Castle Valley residents speak out on solar garden
Post Independent Contributor
NEW CASTLE — More than 100 town residents made it clear they want to preserve their open space in the Castle Valley Ranch subdivision, and that’s what they told town council members in no uncertain terms at a workshop meeting Tuesday night.
Within the last two weeks, the town has entertained the possibility of using a four-plus acre parcel of town-owned land in the northern part of the subdivision for a solar garden. However, residents whose homes neighbor the property vehemently objected, and the town quickly scrapped the site as a possible location.
Instead, representatives from Clean Energy Collective, which would have constructed the 500 kilowatt solar garden with 1,600 panels, were on hand at the informational meeting to answer questions.
Mayor Bob Gordon began the meeting apologizing for the confusion and said the town realized that the site was probably not appropriate.
“I apologize about the confusion when we started this,” Mayor Bob Gordon told the crowd. “We want to make intelligent decisions and we wanted to hear from everyone and especially the people who live around that area. The one thing we have learned is that it might not have been a good location. We were just anxious and wanted to have this for the people of New Castle.”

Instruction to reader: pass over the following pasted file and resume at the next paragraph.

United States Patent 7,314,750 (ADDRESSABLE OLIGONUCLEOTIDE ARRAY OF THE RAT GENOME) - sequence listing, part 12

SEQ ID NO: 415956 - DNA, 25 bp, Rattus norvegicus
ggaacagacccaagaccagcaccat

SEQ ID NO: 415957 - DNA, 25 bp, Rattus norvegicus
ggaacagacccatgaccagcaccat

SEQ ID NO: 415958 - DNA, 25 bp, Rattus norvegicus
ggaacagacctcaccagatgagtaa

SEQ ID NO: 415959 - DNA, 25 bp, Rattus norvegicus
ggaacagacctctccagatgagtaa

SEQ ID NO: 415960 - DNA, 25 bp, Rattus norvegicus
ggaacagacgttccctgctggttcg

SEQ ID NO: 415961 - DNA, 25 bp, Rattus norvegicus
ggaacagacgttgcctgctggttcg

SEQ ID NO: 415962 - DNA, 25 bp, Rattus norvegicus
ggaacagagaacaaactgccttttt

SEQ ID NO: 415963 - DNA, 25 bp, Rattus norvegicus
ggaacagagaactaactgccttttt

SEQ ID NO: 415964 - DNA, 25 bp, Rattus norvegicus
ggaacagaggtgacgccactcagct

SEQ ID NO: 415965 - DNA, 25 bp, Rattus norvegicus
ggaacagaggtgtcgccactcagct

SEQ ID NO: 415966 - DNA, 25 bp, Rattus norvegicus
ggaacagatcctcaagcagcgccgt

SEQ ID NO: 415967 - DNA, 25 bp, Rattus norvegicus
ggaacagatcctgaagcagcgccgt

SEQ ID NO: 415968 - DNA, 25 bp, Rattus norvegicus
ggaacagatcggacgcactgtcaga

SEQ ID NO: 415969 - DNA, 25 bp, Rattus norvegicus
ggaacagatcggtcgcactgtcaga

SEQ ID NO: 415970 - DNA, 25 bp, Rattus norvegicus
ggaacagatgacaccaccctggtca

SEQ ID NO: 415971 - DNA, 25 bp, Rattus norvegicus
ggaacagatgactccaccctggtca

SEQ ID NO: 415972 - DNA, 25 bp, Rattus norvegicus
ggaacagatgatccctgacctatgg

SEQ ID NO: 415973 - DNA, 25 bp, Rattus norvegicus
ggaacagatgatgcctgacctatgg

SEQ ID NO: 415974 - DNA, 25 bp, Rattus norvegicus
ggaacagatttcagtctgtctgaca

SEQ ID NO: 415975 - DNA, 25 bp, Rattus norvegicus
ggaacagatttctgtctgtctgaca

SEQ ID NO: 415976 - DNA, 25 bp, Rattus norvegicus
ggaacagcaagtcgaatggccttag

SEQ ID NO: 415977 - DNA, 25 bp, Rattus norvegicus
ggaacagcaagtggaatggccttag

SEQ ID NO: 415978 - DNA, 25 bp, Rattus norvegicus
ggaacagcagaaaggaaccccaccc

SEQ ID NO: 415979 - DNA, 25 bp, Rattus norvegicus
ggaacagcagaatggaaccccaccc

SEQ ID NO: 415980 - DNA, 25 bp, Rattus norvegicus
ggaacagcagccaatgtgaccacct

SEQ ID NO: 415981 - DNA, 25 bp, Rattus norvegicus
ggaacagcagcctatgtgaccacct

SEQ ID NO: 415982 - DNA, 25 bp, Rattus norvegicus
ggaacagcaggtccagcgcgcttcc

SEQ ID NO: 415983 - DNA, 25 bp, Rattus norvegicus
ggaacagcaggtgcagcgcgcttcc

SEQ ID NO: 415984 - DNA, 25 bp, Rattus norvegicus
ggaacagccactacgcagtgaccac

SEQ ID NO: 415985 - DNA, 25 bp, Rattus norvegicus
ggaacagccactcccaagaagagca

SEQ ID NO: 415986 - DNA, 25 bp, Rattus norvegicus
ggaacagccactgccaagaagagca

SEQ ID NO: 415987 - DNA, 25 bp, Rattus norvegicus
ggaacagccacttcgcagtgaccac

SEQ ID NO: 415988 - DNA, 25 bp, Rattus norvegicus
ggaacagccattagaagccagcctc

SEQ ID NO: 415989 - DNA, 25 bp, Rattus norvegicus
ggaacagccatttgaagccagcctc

Representatives from the CEC said they understood the residents’ concerns and hope to still be able to bring solar energy to Garfield County.
“I think the meeting went as expected — we had already decided that site was not a good location,” said Michelle Zimmerman, land manager for CEC. “But this said a lot about the community. Every phone call I got was initially emotionally charged, but changed within a couple of minutes. “
The informational meeting itself got emotional as residents demanded answers to questions about why the site had been chosen in the first place, what other locations were being looked at and what they could do to protect open space in the subdivision in the future.
The town is currently looking at some other possible privately owned sites on the west end of town near Elk Creek Elementary, but it is doubtful that anything can be finalized in time for the award cycle being offered by Excel Energy.
Right now, there is only one solar array site in the county at the Garfield County Airport, for use only by Holy Cross Electric customers. There is no solar energy site available in the county for Xcel Energy customers.
But CEC says it is still interested in bringing solar energy to Garfield County.
“We are definitely interested in Garfield County and we want to work with Xcel if they offer another round of awards,” Zimmerman said. “This meeting showed that the [New Castle] community really came together to make sure their neighborhoods retain their open space.”
Start a dialogue, stay on topic and be civil.
If you don't follow the rules, your comment may be deleted.
Roaring Fork Schools were represented by robotics teams at the FIRST LEGO League state competition Dec. 7 in Denve from Glenwood Springs Middle School and Basalt Middle School.